In the early 90’s Dr Sam Hamra started to popularise the ‘deep plane lift’. The difference between the deep plane and SMAS lift is that the level of dissection is deep to the SMAS layer. This is a more useful technique in smokers, as the skin thickness and hence blood supply is better and therefore there is less of a risk of skin necrosis occurring where the skin does not heal adequately. Because it is the deeper plane, there is a greater risk of damage to the underlying facial nerve and the risk of this needs to be weighed in with the benefits of a deep plane lift. Whether surgeons carry out a SMAS lift; deep plane lift; subperiosteal lift – the terminology doesn t really make much difference to the patient. What is more important is understanding what the patient desires and using the correct procedure for that patient.

The Concept™ Facelift

Taking his place in history for advancing Facelift techniques, Bella Vou’s Head Surgeon Amir Nakhdjevani developed the revolutionary Concept™ Facelift. The revolutionary new procedure can be performed under a local anaesthetic, dramatically reducing risks involved in undergoing a general anaesthetic and subsequently reducing bruising and downtime recovery.

Non-surgical advancements in Facial anti-ageing techniques

Although the Facelift is still the most desirable surgical procedure for a longer lasting and more dramatic result, time has seen non-surgical alternative options developed for short term relief from lines, wrinkles and tightening.

Dermal Fillers

In the 1930s, scientists developed silicone, a synthetic polymer consisting of silicon, oxygen and carbon side chains. In an attempt to plump out areas of the face and body doctors attempted injecting the substance directly into the patient After failed attempts and subsequent issues resulting from injecting silicone directly into patients, such as migration and granulomas, this paved the way for safer alternatives to be sourced.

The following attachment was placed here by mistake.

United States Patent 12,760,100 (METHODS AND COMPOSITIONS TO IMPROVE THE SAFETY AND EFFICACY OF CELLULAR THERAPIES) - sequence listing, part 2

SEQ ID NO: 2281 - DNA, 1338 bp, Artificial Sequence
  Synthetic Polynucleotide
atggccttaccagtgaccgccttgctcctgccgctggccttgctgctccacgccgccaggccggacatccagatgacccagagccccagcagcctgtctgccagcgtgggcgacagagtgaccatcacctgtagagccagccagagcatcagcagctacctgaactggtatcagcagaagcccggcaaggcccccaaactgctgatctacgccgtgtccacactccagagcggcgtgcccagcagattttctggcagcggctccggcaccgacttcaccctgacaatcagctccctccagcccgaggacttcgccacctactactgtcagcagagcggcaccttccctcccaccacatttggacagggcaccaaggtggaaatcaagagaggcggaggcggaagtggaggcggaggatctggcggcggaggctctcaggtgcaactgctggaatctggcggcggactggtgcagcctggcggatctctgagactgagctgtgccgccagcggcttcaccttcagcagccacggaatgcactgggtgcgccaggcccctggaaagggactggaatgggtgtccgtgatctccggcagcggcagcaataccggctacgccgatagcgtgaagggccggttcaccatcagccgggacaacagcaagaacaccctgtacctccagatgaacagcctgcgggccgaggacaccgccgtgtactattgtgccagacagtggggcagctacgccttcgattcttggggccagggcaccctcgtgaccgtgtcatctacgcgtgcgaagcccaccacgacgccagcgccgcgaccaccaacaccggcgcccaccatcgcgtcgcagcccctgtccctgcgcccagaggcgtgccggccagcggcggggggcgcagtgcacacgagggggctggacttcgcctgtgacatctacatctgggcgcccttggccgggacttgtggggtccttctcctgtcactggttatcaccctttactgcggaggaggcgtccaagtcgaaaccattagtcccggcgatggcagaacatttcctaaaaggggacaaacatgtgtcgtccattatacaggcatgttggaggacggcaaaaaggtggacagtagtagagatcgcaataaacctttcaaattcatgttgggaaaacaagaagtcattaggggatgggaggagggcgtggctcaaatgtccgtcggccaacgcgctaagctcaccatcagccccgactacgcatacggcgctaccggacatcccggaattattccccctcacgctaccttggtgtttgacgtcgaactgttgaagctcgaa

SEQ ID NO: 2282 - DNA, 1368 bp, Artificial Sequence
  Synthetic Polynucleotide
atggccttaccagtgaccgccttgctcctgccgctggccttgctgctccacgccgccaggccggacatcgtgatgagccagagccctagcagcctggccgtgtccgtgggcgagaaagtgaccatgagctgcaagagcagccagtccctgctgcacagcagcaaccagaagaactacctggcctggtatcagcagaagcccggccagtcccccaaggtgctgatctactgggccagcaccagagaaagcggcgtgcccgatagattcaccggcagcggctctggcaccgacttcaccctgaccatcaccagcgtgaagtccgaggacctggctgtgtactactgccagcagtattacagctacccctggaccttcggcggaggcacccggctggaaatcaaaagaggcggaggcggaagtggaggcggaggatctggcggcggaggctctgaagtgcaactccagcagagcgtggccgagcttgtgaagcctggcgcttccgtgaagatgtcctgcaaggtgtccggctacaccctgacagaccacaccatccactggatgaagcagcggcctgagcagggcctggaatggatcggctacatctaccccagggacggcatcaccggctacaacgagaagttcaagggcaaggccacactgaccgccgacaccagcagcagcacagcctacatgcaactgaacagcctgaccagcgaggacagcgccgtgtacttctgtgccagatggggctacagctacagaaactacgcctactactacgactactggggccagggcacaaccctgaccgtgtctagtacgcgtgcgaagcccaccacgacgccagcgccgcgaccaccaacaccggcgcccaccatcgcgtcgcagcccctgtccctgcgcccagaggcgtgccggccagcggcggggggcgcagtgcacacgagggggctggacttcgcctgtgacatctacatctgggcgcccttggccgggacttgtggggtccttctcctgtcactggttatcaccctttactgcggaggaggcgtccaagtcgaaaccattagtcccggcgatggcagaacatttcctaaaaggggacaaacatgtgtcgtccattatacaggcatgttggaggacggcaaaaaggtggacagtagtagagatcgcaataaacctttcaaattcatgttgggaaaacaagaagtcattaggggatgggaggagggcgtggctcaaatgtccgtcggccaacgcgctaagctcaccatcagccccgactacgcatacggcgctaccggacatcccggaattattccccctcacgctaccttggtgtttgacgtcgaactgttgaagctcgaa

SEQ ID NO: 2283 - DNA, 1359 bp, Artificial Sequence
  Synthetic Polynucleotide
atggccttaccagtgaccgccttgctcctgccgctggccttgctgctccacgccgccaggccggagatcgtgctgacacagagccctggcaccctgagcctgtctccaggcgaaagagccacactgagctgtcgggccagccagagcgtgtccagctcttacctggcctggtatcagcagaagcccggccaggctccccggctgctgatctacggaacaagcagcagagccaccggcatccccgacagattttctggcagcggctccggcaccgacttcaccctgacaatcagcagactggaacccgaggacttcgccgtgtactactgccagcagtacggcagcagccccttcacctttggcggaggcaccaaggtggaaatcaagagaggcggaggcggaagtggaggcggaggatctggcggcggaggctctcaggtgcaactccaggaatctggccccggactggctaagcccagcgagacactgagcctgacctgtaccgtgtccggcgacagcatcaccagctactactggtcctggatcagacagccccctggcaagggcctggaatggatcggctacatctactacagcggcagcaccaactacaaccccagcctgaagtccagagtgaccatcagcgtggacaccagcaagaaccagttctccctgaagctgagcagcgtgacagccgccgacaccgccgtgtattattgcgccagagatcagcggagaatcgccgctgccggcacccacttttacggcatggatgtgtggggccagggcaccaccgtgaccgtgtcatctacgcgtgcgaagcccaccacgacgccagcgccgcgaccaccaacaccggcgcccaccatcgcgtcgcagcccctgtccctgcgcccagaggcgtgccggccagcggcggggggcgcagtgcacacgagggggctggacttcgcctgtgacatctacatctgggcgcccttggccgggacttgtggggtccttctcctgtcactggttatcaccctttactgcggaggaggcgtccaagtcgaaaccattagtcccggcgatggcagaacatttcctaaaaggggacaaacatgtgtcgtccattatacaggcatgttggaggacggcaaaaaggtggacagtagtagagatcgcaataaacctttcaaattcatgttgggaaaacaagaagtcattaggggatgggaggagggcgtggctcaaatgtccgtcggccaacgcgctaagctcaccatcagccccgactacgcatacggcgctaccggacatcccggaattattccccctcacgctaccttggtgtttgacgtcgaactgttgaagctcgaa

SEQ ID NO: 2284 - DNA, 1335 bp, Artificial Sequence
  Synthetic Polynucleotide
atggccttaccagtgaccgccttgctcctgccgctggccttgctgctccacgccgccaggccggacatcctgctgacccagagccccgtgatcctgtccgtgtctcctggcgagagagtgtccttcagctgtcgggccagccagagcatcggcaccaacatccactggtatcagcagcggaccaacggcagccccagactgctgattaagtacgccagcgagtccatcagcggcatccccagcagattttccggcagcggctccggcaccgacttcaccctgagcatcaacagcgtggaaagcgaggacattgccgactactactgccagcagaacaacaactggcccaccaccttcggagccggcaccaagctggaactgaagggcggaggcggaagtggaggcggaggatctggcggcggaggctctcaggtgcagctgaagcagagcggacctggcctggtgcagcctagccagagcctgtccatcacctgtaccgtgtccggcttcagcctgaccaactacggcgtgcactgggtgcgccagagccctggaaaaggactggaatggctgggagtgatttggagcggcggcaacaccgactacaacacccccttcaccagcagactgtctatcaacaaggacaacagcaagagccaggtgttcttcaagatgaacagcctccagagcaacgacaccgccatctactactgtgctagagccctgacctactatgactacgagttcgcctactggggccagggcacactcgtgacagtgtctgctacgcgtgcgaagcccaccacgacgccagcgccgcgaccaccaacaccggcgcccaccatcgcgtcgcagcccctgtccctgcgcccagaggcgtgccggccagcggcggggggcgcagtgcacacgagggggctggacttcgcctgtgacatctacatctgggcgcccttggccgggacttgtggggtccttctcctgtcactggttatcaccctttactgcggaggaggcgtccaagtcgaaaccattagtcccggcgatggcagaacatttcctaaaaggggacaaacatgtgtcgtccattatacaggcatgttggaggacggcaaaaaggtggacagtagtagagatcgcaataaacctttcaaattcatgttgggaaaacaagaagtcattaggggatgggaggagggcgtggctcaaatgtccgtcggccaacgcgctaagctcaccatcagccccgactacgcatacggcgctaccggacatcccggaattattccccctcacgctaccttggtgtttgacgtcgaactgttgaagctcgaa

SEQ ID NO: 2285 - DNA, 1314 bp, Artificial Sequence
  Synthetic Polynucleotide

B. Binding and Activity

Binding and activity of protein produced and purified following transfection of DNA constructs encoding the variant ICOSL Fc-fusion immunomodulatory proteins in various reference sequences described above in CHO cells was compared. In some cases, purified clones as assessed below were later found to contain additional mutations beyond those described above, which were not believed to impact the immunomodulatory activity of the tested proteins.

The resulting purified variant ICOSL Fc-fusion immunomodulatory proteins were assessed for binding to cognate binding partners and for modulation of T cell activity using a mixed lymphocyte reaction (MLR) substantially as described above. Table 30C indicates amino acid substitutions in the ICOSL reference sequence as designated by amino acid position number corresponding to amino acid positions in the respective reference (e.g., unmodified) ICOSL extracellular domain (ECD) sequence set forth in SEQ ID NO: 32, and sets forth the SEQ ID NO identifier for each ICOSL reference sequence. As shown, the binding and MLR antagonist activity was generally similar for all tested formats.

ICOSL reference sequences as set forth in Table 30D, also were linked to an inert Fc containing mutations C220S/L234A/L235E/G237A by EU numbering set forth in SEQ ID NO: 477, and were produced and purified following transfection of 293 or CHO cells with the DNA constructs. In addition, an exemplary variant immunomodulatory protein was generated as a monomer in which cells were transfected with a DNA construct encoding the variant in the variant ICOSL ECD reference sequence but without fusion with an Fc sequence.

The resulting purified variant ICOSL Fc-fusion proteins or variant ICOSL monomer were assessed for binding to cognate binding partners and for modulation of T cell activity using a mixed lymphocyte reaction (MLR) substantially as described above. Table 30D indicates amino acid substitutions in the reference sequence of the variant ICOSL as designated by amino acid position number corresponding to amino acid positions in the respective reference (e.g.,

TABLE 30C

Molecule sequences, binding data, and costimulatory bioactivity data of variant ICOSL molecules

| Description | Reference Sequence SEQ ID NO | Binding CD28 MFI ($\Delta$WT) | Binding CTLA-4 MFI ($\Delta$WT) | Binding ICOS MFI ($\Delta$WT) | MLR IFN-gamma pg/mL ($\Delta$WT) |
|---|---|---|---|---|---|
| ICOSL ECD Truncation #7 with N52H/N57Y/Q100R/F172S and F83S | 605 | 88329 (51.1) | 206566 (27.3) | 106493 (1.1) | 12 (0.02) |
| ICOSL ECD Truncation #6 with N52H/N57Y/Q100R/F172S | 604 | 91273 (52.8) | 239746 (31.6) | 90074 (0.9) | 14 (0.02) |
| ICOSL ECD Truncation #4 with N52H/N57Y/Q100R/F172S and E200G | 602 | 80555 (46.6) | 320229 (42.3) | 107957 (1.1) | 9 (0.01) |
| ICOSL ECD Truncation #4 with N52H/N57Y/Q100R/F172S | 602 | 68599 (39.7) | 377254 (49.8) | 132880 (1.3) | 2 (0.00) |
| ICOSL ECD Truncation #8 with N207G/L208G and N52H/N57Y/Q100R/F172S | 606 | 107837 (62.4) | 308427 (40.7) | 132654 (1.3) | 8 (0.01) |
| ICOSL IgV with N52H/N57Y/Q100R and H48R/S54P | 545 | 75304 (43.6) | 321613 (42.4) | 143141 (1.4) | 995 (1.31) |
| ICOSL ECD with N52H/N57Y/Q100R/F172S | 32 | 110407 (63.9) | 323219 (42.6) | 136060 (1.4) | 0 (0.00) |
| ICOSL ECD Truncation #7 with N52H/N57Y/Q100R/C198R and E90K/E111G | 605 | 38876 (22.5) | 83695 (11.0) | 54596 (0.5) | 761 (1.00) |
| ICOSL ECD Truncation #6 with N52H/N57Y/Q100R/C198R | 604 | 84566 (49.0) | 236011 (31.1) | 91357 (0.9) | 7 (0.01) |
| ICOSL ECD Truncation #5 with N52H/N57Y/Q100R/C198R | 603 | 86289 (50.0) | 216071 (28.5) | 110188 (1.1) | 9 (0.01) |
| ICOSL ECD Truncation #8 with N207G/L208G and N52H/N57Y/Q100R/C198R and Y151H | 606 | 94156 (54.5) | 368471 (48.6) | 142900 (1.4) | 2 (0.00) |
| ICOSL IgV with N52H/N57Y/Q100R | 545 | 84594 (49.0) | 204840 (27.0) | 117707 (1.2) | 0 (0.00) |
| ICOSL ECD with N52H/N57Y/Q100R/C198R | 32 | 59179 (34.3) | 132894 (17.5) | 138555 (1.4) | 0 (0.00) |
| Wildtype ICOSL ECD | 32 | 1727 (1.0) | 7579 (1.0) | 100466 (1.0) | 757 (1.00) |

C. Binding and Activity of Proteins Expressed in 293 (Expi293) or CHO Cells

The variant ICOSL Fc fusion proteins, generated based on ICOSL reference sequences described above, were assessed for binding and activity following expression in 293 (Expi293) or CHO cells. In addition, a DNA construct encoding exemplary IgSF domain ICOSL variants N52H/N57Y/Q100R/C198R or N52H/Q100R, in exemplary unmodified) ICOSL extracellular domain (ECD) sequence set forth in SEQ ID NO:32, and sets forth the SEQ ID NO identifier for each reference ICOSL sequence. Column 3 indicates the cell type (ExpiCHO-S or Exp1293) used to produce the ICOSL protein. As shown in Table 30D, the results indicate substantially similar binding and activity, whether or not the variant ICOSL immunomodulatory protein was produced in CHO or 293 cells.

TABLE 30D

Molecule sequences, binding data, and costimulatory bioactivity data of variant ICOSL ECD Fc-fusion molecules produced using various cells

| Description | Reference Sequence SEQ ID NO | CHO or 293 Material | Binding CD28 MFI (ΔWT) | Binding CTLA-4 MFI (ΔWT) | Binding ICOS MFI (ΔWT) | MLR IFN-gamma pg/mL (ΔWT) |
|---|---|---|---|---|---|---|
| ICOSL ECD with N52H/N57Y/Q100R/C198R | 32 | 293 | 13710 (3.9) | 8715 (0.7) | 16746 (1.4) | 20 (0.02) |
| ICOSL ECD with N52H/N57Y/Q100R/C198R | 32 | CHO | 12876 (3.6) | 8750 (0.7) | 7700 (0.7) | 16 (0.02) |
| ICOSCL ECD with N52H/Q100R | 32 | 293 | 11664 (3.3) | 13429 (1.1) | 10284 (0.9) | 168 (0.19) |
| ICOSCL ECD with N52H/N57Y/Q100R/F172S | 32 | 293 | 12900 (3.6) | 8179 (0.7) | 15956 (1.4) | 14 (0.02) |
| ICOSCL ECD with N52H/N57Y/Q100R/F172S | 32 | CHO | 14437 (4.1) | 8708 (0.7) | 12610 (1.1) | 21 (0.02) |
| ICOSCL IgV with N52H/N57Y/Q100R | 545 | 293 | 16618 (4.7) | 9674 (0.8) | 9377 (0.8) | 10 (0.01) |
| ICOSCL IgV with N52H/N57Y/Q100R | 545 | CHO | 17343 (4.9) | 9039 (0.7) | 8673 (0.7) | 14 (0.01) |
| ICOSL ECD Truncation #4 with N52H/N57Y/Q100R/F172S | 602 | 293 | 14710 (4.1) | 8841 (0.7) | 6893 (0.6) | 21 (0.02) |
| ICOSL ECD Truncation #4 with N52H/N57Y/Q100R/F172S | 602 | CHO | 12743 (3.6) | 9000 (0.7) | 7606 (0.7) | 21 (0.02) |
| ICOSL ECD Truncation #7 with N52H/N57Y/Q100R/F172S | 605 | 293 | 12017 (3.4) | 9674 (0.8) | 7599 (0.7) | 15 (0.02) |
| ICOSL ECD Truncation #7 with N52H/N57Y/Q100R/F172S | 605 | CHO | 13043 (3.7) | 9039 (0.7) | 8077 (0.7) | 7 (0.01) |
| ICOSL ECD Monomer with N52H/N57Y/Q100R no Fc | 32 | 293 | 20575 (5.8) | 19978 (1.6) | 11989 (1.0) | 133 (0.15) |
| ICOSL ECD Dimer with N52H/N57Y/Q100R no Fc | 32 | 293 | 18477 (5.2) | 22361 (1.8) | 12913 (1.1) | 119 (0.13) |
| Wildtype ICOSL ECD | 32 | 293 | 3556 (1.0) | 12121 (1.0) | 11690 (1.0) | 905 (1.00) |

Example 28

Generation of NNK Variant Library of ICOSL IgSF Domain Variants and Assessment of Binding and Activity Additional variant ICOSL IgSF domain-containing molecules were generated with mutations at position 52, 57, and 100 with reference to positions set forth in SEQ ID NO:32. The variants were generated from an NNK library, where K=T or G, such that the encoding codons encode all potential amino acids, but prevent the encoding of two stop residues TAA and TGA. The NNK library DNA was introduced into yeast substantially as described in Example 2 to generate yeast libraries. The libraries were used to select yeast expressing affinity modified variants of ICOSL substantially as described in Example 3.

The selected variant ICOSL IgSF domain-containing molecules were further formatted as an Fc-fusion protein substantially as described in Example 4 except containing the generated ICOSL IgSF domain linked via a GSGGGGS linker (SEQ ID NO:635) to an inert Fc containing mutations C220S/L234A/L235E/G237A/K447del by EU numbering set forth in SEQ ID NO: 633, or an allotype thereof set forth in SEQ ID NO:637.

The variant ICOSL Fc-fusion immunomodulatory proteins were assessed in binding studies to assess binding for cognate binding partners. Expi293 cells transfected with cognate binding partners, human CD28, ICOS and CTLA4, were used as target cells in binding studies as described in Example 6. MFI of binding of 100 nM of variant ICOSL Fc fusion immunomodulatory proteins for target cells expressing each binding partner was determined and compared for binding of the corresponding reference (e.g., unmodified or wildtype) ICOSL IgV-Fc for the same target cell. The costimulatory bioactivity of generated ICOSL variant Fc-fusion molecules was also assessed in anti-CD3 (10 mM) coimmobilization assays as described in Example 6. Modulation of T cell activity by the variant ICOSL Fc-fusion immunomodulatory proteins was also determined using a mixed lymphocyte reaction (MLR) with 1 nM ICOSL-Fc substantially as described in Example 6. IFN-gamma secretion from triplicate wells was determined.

The 1970s saw a new era arise of animal collagens (bovine) being researched enough to be considered safe to use on a human being. At the beginning of this century non-animal collagen fillers were developed paving the way for hyaluronic acid fillers to be approved as the next generation of filler treatment and in 2006 the first one was approved by the FDA and these synthetic fillers are what you see used in the cosmetic industry today. Although these are a great alternative for treating the appearance of deeper facial lines, they do not provide much relief, if any from sagging skin and are semi permanent.

View more on our Dermal Fillers.

Thread Lifting

Thread lifts were designed to address sagging underlying tissues of the cheek and jaw line by threading barbed sutures into skin and deeper soft tissues. The non-absorbable threads stay within the deep tissues and provide support. Due to high rates of complications, some surgeons no longer perform the traditional thread lift, but more modern options are available. While a thread lift can be referred to as a minimally invasive surgical procedure, potential complications of thread lifts include puckering where the barb is pulling, visibility of the blue thread through the skin, and threads poking through the skin.

Skin Tightening Laser Treatments

The industry has seen an influx of machines and lasers claiming to achieve younger, firmer and tighter skin without going under the knife. Although, there is evidence of improvement in skin tightening, most treatments require multiple sessions and although they will overall cost less than a conventional surgical facelift the results will be subtler and will not have the long term results shown from having a surgical facelift.